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August 6, 2021

Student Voices: The value of getting — and giving — peer tutoring

Screenshot of peer tutors from The Study Hard Project, founded by Ava Hazzouri.

 

by Ava Hazzouri, 12th grade, Kingston, Penn.

Having a tutor helped me learn in a way that made sense. Due to my learning differences, an individualized approach was critical for me to meet my goals in school. Once I learned how to learn and succeed academically with one-on-one help, I decided to become a tutor myself.

In my sophomore year of high school, I launched The Study Hard Project, a peer-tutoring initiative which is free and fun for everyone. It’s run by high school students from across my region in Northeastern Pennsylvania and serves middle and high school students from all over the country and even a couple from overseas. My favorite thing about The Study Hard Project is that anyone involved can be a student one week to get some help for themselves and a tutor the next week to help someone else.

Having a tutor helped me learn in a way that made sense.

While the tutors volunteer to satisfy the service requirements at their high schools, they receive much more. For example, Shawna, a tutor from Wyoming Seminary Upper School, said, “Working with Study Hard, I’ve learned that empowering others is the best way to feel my own power.” Our tutor from Scranton Preparatory School, Molly, shared, “I never realized how smart I was until I started tutoring. It makes me more confident in my work and in myself.”

When the pandemic hit, we moved from in-person study sessions to Zoom sessions. Now, we have both online and in-person tutoring, SAT tutoring, College Prep webinars, Extracurricular Clubs (The Book Club, Wellness Club, Creativity Club and Community Service Club) and Study Skills Camps.

My favorite thing about The Study Hard Project is that anyone involved can be a student one week to get some help for themselves and a tutor the next week to help someone else.

The benefits of one-on-one tutoring are well-documented. Approximately 30% of middle and high school students are tutored in various subjects. In middle school, students form habits that impact academic success later on. Tutoring is an effective way to help middle school students take responsibility, improve study skills and manage their time wisely. For high schoolers, improving school performance can help boost confidence and decrease the impact of normal teen stress. Tutoring also helps keep at-risk students in school until they graduate from high school.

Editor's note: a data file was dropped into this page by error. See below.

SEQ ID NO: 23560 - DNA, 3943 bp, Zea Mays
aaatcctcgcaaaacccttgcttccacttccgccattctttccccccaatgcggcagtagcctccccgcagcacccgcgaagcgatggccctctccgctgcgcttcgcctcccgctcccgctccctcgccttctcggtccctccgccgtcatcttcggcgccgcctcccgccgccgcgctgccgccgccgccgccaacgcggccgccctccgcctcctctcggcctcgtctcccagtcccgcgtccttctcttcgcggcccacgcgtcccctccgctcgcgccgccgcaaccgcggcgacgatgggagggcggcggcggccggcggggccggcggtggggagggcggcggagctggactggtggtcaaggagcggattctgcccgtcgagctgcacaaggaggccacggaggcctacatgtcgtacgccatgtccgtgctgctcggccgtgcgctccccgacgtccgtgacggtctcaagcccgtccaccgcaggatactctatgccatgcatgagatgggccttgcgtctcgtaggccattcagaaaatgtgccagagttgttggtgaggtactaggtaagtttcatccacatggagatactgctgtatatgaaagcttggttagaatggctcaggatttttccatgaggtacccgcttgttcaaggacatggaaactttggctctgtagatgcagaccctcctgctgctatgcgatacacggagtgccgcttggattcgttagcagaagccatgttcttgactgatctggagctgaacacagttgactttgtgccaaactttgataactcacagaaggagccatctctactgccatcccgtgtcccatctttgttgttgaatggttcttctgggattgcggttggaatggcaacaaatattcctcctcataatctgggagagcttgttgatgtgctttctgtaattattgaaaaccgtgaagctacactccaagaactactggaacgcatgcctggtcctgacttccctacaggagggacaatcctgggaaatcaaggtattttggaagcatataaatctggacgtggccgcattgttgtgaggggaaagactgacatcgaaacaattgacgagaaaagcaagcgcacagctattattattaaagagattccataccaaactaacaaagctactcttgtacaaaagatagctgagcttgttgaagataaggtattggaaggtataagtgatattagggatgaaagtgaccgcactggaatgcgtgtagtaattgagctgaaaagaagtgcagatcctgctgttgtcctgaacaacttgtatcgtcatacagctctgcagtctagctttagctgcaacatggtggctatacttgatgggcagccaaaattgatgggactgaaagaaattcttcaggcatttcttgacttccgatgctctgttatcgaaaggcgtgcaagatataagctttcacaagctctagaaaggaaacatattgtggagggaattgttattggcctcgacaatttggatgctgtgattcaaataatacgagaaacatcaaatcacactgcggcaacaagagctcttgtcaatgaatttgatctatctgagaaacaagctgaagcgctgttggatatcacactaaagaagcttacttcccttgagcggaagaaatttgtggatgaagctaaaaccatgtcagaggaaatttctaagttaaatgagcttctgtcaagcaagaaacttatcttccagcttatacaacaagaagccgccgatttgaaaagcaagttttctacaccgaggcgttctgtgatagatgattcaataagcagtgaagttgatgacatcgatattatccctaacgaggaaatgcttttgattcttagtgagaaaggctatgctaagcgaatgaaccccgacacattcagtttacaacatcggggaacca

Unfortunately, tutoring can be expensive. With a Google search (“cost of tutoring in the United States”), I found that tutoring in academic subjects can range on average from $25 to $100 an hour and from $45 to $300 an hour for SAT tutoring. This is concerning and raises the question, are the benefits of one-on-one tutoring reserved for privileged students?

…are the benefits of one-on-one tutoring reserved for privileged students?

The United States student body is diverse and includes more low income, minority and underserved students each year. According to research, racial, ethnic, gender and social-class differences impact academic opportunities and affect students’ interest and preparation as early as middle school. These early disadvantages produce educational disparities in high school, on college campuses and in the job force.

Peer-tutoring is an actionable, cost effective (often, free!) way to level the academic playing field for middle and high school students across the country. The best part is that when students help students, everyone is better for it. Research shows that peer-tutoring leads to an increase in academic performance, school attendance, socialization, self-esteem and attitude toward school for all involved, and I can attest to all of it!

Peer-tutoring is an actionable, cost effective (often, free!) way to level the academic playing field…

The impact we’re having on one another is beyond what I ever imagined. One of our eighth graders told us that he went from a 54% average to a 91% in math from participating in weekly tutoring with us. Students have shared that learning from their peers feels less threatening for them than asking for teachers’ help. Another one of our students said he feels awkward asking teachers his questions because he worries they’ll get mad that he wasn’t listening in class. He says he feels free to ask us anything. That’s our goal, to be an easily accessible, safe space, where learning feels doable and fun.

The Study Hard project is open to all middle and high school students interested in meeting their academic potential, and that includes you! Check it out at studyhardproject.com or on Instagram at @studyhardnepa.


Ava Hazzouri is a 17-year-old rising senior at Wyoming Seminary Upper School in Kingston, Penn. She is the founder of The Study Hard Project, a volunteer organization that aims to level the academic playing field for middle and high school students in Northeastern Pennsylvania. Ava is an advocate for students with learning differences and is the history department student representative at her school. She’s involved in numerous clubs, is a peer-tutor and volunteers in the writing center on campus. Ava enjoys running, making art and baking. She is proud of her Lebanese heritage, values her relationships with family and friends and is obsessed with her fish, Merlin.

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